5. ^ "Кыргыз-тажик чек ара жаңжалы: эл аралык эксперттердин пикири" [Kyrgyz-Tajik border conflict: the opinion of international experts]. BBC Kyrgyz (in Kyrgyz). 1 May 2021. Retrieved 1 May 2021.
  6. ^ "Four die as Tajikistan and Kyrgyzstan armies clash on disputed border". The Guardian. Associated Press. 29 April 2021. Retrieved 30 April 2021. CS1 maint: discouraged parameter (link)
  7. ^ a b Pedneault, Jonathan; Sultanalieva, Syinat (30 April 2021). "Civilians Harmed in Kyrgyzstan, Tajikistan Border Clashes". Human Rights Watch. Retrieved 1 May 2021.
  8. ^ a b "Kyrgyzstan-Tajikistan: Images of destruction after border clashes". BBC. Retrieved 2 May 2021. CS1 maint: discouraged parameter (link)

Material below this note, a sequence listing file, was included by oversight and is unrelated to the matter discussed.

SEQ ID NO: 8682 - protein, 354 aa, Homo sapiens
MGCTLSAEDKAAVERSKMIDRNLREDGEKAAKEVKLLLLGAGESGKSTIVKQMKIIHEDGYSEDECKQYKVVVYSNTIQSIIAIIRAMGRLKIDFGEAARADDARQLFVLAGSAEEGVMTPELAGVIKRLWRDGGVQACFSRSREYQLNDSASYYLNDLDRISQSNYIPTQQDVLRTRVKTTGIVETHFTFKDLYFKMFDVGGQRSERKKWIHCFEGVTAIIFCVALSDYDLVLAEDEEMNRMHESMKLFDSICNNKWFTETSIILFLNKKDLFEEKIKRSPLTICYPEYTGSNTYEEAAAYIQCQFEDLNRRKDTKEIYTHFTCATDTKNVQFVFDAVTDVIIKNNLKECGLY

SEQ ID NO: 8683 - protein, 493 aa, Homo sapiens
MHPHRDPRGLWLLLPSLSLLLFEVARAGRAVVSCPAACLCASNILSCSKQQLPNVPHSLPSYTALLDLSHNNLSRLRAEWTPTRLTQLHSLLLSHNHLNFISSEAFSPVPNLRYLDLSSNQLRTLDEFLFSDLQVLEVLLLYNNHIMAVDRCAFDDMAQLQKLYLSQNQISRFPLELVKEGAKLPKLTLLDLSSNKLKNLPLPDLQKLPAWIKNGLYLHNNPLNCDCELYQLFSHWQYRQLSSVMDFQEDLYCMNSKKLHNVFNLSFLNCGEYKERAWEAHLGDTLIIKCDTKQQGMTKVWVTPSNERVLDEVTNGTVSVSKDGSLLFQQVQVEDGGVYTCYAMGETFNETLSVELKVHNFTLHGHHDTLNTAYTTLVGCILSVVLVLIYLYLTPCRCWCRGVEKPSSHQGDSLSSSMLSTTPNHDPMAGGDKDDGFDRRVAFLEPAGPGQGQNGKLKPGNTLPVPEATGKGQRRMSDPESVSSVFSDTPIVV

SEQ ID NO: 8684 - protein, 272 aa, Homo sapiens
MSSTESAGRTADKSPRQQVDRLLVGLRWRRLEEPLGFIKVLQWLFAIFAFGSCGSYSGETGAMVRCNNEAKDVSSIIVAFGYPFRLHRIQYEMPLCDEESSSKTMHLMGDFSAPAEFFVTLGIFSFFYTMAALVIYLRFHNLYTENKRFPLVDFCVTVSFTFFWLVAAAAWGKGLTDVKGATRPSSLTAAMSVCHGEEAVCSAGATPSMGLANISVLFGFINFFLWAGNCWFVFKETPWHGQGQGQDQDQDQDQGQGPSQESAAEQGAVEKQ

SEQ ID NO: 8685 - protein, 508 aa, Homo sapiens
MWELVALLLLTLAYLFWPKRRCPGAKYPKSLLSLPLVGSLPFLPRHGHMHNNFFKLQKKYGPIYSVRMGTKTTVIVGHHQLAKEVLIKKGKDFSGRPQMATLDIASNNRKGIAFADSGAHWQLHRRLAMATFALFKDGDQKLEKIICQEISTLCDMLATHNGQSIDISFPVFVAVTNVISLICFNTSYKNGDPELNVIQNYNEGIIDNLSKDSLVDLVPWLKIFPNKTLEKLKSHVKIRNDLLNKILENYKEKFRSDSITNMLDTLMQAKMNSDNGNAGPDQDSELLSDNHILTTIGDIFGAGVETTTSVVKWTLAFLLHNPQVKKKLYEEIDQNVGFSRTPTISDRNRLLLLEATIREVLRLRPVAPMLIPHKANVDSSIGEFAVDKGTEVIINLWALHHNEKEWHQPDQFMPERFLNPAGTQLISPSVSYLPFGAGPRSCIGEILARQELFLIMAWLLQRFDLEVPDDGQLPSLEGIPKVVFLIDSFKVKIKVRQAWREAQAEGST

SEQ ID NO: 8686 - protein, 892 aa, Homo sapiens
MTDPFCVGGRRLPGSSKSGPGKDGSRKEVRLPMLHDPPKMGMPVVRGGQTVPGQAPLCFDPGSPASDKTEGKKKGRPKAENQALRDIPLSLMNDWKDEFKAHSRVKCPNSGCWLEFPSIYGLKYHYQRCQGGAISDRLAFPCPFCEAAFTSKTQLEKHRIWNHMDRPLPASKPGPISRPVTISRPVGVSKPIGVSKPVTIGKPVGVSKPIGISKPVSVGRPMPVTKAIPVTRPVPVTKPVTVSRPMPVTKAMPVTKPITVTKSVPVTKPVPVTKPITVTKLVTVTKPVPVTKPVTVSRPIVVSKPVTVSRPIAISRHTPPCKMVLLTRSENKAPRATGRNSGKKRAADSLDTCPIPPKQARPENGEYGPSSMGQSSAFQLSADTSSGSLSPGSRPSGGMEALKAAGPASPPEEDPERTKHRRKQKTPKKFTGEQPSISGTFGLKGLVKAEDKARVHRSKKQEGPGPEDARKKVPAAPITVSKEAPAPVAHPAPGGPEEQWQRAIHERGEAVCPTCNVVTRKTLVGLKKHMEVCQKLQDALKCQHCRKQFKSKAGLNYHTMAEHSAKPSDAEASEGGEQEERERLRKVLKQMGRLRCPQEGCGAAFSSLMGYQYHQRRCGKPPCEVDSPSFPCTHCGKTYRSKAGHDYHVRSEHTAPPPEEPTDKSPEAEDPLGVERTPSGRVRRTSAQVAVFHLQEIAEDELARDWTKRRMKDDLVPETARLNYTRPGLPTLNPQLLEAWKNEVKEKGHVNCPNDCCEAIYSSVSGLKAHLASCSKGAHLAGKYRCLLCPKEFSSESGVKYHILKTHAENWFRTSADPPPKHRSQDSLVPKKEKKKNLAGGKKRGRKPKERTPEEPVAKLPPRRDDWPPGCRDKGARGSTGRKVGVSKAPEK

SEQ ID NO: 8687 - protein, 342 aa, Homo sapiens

9. ^ a b "Over 40 dead in Tajikistan-Kyrgyzstan border clash".
  10. ^ "Kyrgyzstan, Tajikistan agree to ceasefire". TASS. 29 April 2021. Foreign Ministers of Kyrgyzstan and Tajikistan agreed to a ceasefire at the border starting on 20:00 local time (17:00 Moscow time) April 29, Kyrgyz Foreign Ministry announced Thursday.
  11. ^ "Deadly fighting on Kyrgyzstan-Tajikistan border kills at least 31". 30 April 2021 – via www.bbc.co.uk.
  12. ^ "Kyrgyzstan declares two-day nationwide mourning for border clash victims". TASS.
  13. ^ "Kyrgyzstan accuses Tajikistan of amassing troops near border". Reuters. Archived from the original on 1 May 2021. Kyrgyzstan accused neighbour Tajikistan on Saturday of building up troops and military equipment near their border, following clashes on Thursday in which 41 people were killed and more than a hundred wounded.